The drive from Bakersfield to Stockton was generally uneventful. Both sides of California Highway 99 were lush with orchards and crops and vineyards, even in the blistering June heat. Though the traffic was heavier than I would have liked, it was lighter than we would have encountered had we taken I-5, the other, somewhat faster, route. When we got to Stockton, we took a short tour of the downtown area as we made our way to Trader Joe’s; mi novia showed me where she used to work and she pointed out places she frequented during the fifty years she lived in the city. At Trader Joe’s, we braved the heat of the parking lot and bought an orchid as a gift for her mother, then drove the few miles to visit her.
When we arrived at the place, the heat was almost unbearable. Mi novia rolled down the window on the driver’s side of the car as we arrived to check in at the gate; I felt the heat flood the car as the gate guard delivered a four-minute diatribe about being sure to stop at stop signs on the grounds of the compound or risk certain tickets. Once inside the gate, we located the office and went through an automated check-in process that ultimately produced stick-on names badges for each of us. From there, we found a parking spot near mi novia’s mother’s building.
101°F under an unrelentingly bright sun is monstrously hot, no matter how low the relative humidity. Walking from the car to the building where mi novia‘s mother’s apartment is located seemed a dangerous endeavor. It was as if the air above us had been warped by the heat into the shape of a magnifying glass lens—the sun’s rays, tightly focused by that atmospheric lens, followed us. The way a demonic child, intent on incinerating them, follows ants with superheated sun rays from a magnifying glass. I felt like I could have spontaneously burst into flames at any moment as I trekked from the parking lot to the building’s entry door. But I did not, of course. Inside the door, the cool air quickly revived me. After hugs and a brief introductory conversation, we decided to go off for lunch at Bud’s Seafood restaurant. There, we had a superb meal consisting of delicacies as calamari, cod, shrimp, and such. And, of course, wine. Though the meal was good, it was the conversation that was most gratifying. I learned a great deal about Gladys and she learned a great deal about me. The knowledge-sharing was helped along by wine, that remarkable social lubricant that tends to make it easier for imbibers to speak freely. During our conversations with and about one another, we also learned that our waiter, Jmard, was the only one of his family of several children who had migrated from Canada to the United States.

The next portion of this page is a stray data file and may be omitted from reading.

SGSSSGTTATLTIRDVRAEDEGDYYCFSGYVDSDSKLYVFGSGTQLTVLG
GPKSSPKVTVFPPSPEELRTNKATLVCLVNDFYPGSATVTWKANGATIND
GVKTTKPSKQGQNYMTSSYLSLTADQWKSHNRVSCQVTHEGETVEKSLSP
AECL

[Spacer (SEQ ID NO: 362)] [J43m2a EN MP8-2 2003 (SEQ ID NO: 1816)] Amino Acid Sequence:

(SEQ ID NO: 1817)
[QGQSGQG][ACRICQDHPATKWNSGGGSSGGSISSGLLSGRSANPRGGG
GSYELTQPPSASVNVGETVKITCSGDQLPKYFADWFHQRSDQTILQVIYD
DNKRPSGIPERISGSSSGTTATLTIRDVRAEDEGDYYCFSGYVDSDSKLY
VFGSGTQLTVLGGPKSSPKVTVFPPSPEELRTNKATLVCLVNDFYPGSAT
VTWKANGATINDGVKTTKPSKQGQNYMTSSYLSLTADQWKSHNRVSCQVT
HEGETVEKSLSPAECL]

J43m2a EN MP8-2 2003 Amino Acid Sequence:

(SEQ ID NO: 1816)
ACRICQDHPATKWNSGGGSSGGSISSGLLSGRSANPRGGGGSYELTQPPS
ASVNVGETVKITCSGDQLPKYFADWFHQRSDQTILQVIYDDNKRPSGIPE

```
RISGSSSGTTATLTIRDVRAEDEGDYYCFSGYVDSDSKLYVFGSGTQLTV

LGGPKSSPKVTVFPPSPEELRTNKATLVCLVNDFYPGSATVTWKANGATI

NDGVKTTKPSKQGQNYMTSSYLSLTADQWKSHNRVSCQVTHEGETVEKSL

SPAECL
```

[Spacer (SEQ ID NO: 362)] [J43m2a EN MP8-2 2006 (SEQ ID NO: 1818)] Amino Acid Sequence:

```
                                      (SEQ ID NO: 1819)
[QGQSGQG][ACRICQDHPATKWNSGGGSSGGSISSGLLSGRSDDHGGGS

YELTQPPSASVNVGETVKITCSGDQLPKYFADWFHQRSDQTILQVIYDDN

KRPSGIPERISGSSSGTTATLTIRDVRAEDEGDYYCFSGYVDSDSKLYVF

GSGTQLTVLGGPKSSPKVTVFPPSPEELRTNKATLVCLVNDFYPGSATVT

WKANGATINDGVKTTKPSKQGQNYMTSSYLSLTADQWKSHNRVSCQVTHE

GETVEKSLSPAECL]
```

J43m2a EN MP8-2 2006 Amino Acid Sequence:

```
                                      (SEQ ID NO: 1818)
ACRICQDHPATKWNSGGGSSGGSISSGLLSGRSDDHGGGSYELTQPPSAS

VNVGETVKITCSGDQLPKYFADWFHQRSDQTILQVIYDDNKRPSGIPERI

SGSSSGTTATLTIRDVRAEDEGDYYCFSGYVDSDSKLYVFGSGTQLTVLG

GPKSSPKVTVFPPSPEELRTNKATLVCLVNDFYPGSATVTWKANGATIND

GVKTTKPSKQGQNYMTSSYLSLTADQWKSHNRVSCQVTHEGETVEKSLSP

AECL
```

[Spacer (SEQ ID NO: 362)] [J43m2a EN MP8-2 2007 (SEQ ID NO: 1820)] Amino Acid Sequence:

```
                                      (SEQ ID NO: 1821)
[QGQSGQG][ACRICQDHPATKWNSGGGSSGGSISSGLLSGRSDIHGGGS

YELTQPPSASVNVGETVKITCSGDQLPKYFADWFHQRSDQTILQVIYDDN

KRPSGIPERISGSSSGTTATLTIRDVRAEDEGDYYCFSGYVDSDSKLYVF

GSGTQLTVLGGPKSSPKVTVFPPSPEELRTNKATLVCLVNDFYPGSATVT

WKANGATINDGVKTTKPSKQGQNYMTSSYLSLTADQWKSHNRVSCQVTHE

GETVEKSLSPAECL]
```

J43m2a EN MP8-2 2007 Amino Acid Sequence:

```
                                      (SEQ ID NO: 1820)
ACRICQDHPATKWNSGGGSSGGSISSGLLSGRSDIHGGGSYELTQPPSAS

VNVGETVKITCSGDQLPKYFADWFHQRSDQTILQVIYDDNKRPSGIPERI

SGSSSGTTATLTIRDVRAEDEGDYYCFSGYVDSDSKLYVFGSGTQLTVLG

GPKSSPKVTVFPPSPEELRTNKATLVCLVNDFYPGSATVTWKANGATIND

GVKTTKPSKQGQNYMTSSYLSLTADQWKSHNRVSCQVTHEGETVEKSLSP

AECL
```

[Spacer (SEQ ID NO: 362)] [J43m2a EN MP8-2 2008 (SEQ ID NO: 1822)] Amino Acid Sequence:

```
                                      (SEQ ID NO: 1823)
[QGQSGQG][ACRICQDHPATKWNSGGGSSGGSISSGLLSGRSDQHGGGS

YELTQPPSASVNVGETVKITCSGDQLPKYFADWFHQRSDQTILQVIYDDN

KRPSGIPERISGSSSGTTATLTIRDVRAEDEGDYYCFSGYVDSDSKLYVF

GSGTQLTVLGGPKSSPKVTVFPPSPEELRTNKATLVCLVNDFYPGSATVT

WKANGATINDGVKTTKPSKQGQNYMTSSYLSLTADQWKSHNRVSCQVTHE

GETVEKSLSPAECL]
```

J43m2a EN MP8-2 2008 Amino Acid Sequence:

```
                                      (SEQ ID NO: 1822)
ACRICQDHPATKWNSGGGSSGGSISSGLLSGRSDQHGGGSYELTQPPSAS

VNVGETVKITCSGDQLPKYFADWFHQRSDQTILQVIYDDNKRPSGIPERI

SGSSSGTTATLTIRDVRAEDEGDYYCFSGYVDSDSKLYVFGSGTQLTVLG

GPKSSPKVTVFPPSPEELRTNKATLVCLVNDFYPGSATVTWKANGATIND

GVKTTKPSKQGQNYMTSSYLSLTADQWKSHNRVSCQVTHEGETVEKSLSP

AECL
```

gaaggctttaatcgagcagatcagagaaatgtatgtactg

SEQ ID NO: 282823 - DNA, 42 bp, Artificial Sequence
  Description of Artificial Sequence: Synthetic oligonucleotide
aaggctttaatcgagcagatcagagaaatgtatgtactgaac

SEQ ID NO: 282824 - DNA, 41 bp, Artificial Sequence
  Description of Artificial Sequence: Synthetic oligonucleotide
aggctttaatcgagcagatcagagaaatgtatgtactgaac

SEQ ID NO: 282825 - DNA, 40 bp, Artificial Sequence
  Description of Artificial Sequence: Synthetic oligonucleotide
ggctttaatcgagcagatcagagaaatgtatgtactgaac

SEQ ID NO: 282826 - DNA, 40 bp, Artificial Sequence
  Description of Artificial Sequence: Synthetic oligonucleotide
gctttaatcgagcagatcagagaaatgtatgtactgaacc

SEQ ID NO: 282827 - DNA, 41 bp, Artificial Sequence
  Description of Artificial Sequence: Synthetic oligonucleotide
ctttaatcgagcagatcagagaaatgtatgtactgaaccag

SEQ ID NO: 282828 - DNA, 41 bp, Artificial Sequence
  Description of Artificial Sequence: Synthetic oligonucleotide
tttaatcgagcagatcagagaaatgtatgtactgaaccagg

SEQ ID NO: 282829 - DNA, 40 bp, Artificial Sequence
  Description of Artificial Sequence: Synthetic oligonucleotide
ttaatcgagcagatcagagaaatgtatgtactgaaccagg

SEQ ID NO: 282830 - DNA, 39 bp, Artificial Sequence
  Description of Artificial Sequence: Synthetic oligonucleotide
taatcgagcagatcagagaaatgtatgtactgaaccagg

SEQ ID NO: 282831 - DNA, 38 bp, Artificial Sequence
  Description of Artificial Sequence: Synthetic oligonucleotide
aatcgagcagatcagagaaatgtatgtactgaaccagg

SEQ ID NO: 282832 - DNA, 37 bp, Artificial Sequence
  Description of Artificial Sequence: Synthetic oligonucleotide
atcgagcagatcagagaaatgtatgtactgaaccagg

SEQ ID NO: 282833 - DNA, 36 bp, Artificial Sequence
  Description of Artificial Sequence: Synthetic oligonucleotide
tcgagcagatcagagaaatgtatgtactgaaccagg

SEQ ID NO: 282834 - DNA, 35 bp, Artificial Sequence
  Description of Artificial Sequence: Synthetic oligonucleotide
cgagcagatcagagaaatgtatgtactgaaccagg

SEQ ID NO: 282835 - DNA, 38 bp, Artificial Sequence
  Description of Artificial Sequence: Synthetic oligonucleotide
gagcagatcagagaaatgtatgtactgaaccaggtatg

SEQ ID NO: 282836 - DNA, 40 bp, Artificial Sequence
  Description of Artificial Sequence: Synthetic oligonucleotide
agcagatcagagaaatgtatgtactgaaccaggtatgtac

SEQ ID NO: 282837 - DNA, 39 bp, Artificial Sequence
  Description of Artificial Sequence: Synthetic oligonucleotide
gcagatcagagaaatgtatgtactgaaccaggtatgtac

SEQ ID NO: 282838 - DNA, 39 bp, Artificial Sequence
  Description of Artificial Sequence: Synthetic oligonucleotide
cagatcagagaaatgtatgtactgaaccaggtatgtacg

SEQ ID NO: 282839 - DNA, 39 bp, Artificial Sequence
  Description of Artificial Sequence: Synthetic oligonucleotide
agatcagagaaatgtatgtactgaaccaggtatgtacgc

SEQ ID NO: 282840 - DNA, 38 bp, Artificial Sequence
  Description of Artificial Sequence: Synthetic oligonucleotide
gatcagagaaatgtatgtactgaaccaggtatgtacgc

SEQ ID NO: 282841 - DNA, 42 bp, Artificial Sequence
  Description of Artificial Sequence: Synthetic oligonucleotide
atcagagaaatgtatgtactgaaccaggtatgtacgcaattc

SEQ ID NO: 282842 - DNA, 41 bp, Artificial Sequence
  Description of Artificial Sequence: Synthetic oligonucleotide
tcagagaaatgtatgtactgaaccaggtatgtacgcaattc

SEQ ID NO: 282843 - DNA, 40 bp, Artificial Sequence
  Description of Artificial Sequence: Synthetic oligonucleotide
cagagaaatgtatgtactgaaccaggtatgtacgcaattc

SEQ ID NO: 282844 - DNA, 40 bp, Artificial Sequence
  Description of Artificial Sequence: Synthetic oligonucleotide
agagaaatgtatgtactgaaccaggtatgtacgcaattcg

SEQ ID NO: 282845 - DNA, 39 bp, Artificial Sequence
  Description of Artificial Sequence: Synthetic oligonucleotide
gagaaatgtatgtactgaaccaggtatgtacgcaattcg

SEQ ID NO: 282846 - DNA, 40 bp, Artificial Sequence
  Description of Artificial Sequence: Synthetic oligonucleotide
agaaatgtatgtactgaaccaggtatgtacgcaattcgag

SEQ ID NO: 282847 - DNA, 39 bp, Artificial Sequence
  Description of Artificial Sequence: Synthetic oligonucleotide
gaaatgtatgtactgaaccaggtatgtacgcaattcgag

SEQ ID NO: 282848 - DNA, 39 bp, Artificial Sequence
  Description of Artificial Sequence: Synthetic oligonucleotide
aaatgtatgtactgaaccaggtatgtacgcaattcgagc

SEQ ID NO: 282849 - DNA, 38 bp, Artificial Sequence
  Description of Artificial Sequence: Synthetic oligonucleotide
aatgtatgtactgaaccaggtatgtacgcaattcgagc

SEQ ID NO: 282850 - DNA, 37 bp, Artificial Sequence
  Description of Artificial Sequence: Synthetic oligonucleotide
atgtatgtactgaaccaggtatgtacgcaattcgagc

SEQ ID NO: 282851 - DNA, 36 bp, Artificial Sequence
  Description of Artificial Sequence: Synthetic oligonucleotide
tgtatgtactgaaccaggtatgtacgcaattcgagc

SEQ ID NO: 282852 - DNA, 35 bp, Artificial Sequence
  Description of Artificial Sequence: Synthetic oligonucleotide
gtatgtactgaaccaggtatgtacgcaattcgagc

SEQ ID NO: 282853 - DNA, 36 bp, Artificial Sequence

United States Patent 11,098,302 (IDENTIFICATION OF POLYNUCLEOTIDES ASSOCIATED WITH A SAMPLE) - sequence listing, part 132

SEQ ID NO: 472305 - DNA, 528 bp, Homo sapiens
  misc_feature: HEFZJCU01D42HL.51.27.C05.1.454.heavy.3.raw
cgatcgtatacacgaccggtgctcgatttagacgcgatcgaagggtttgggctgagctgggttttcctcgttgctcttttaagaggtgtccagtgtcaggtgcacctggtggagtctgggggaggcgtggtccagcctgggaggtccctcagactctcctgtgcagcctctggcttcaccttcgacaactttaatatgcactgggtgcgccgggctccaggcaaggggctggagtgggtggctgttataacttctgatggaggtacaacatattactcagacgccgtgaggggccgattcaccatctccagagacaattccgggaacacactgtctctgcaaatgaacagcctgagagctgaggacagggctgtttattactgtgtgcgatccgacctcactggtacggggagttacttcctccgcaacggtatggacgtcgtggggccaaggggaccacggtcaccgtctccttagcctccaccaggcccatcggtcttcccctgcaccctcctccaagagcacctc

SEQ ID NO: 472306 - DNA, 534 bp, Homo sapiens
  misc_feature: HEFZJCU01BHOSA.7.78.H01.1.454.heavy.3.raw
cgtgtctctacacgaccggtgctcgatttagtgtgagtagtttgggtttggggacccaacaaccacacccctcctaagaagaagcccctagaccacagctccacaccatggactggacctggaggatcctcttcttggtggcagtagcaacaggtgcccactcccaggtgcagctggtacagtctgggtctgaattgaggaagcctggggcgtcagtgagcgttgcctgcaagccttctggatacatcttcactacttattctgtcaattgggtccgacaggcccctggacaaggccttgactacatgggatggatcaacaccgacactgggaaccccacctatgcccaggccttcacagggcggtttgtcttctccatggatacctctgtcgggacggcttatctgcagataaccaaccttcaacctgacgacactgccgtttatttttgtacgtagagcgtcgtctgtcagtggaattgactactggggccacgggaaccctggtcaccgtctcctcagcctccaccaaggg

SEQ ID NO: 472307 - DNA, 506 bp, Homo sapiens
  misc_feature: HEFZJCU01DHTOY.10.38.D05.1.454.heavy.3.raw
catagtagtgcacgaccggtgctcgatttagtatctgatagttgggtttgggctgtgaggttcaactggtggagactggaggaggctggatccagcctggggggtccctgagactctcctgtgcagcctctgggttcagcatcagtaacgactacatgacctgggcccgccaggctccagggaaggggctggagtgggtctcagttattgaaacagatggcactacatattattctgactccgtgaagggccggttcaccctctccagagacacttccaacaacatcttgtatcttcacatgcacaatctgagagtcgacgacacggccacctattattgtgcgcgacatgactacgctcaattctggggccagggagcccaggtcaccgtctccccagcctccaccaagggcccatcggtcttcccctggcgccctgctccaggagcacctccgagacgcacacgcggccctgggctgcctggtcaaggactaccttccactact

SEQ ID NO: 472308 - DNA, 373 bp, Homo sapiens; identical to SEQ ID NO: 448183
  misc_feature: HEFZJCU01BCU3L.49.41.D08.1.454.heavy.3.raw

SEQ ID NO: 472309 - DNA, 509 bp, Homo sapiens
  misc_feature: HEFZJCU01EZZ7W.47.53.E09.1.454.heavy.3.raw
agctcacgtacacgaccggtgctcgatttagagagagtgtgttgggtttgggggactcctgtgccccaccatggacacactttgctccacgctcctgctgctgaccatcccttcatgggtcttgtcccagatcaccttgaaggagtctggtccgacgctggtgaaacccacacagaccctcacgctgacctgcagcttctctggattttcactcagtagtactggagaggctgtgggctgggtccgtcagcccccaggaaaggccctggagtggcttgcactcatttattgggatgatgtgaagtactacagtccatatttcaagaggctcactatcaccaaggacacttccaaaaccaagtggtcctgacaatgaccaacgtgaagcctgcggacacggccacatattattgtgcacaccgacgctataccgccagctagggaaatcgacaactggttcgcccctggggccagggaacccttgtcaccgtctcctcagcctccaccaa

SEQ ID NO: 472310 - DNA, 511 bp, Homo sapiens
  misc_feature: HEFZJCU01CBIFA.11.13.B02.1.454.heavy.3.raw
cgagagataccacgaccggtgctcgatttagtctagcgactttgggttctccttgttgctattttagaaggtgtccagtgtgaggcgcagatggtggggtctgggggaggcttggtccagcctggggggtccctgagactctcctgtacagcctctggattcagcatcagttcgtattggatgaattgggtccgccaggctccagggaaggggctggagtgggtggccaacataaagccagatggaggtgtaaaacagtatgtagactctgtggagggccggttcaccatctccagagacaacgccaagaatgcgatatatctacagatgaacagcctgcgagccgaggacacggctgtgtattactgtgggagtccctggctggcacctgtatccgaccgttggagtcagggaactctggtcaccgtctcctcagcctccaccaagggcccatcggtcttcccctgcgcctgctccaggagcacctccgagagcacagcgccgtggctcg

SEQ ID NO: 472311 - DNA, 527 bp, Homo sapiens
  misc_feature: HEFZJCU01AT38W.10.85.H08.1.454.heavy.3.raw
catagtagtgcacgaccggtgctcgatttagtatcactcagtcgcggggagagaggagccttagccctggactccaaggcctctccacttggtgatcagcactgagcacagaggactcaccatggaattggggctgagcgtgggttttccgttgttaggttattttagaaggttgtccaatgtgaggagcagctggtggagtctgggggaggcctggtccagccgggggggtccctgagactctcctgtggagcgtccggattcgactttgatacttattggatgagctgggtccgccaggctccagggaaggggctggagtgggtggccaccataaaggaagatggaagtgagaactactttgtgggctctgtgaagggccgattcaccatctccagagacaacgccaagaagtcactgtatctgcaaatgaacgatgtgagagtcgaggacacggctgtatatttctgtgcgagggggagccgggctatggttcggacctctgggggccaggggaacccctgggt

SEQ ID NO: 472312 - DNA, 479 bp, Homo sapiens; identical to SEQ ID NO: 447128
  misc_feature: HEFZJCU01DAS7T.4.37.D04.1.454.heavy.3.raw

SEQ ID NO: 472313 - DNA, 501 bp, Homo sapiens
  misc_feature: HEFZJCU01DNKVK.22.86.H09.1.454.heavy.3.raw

Mi novia and I encouraged Gladys to write about her life so her ninety years (so far) of experiences might be available to her current family and all her descendants in years to come. We left the restaurant feeling confident that can look forward to reading about her life in Schenectady and Arkansas and Stockton. Given that each of the three of us consumed two glass of wine each, we may have to remind one another of the substance of those conversations.
I am very glad to have met Gladys. And I will be delighted to read about her life experiences. I’ve seen her artwork, which offers proof of her creativity and her skill with a brush. Next, I will read of her 90+ year history and how it shaped who she is today. I look forward to that!
Today, mi novia and I will meet one of her long-time friends for brunch, before we return for another visit with her mother. At the moment, I am thinking our visits may be relatively short because I may need some more sleep. I woke in the middle of the night with severe foot cramps which interfered with my otherwise good sleep (until then). Then, around 4:00 a.m., I woke again with a splitting headache; one of those so painful it will be remembered as “that damn headache” years hence. Motrin and allergy medicine have alleviated much of the pain by now, but the lost sleep they caused remains an annoyance.
As I write this, the temperature outside here in Lodi, California is reportedly 70°F. It will not remain so comfortable for long, I am afraid. The weather forecast calls for temperatures to reach 99°F by noon and 104°F by 3 p.m. These temperatures make me long for what will be much more comfortable temperatures along the coast in the days ahead. Actually, the temperatures on the coast will be downright chilly: highs in the upper sixties and lows much cooler. Time will tell as to the legitimacy of those forecasts. For now, it’s back to preparing for the inferno we will experience later today.